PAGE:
Hiring Budget Guide (Part I): Determining Your Hiring Budget

By Jeanette Maister

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Success comes from strategy, but before building that strategy comes building a plan. Learning to create a comprehensive budget should be top of mind going into a new round of recruits. Afterall, your recruitment budget drives your recruitment process. Plan your budget by calculating costs, projecting potential needs in a few ways... 

The Importance of Budget Planning for Recruitment:

  • 82% of businesses that fail do so because of cash flow problems.
  • Despite 80% of HR leaders stating they value employer branding, just 8% of recruiting budget to invest in this area.
  • Most recruiting expenses are on channels such as job boards (30%) and staffing agencies (22%).
  • 56% of recruiters state that hiring volume is increasing - making your budgeting plan and strategy all the more important.

Determining Hiring Budget

First, focus on the cost that hiring could attribute to your company. That is - personnel cost. This is defined as the total remuneration, in cash or in kind, payable by an employer to an employee in return for work done by the latter during the reference period. First, estimate the number of hires you plan to make in the coming year. Talk to hiring managers to estimate your potential hiring needs and hold meetings to discuss what they’ve spent on hiring in the past and what their needs will be in the future. These meetings are a great time to go over proactive recruitment needs like skills gaps, succession planning (even anecdotal) and product roadmaps and projected sales. All these numbers can give you insight into how many people you’ll be responsible to bring on board (and how much you’ll need to budget for tools and processes).

If you have recruitment metrics like time to hire or a recruitment funnel that tracks the costs depending on stage of hire (from source of hire through to the offer stage) plug these into a chart as well. They’ll help you understand what you might need to meet the hiring goals your hiring managers and team leaders are laying out.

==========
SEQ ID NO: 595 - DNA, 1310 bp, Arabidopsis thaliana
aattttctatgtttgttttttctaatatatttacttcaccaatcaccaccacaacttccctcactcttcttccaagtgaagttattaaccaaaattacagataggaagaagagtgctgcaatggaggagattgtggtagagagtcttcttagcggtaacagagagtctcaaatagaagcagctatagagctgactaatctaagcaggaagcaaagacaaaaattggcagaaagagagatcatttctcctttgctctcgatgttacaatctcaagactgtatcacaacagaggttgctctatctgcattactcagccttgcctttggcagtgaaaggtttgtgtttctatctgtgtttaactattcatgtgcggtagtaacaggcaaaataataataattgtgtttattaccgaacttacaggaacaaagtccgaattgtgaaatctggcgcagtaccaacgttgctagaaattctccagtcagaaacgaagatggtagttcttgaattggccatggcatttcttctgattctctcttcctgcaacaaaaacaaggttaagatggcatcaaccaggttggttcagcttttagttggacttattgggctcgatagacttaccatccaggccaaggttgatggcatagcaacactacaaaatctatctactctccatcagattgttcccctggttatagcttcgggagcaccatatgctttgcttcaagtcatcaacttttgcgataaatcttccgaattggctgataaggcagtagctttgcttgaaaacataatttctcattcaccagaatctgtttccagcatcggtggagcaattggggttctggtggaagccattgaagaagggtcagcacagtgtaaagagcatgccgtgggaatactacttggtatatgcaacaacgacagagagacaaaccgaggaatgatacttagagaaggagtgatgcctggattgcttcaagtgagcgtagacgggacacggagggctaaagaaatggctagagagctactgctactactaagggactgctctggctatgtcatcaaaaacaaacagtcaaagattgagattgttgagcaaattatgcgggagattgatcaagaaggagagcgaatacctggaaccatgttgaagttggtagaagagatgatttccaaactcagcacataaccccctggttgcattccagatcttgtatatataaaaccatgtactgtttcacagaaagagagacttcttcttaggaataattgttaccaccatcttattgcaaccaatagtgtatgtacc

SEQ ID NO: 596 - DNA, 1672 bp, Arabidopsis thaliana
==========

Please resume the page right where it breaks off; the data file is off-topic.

Questions to ask during your planning meetings:

How many people did you hire last year?

How many do you plan on hiring this year?

Is anyone on your team nearing retirement or planning on leaving?

Will you need to expand your team this year?

Did you have unexpected turnover this year?

Did you promote this year?

Did you let anyone go this year?

Did you meet your productivity goals this year?

Once you have your planning completed, create an equation for the number of new employees you’ll need. If you have 5,000 people and estimate hiring at least 300 more, you need 5,300 employees by year’s end. If your turnover sits at 8%, you’ll have to add 400 to your equation to replace lost employees, making your total number of hire for the year 700.

About Jeanette Maister:

Global talent acquisition technology leader with extensive experience in global talent acquisition, applicant tracking systems & recruiting technology, recruiting metrics and process. Deep insight into all aspects of campus recruiting strategy. Recognized for driving growth and helping clients transform their recruiting efforts.

 
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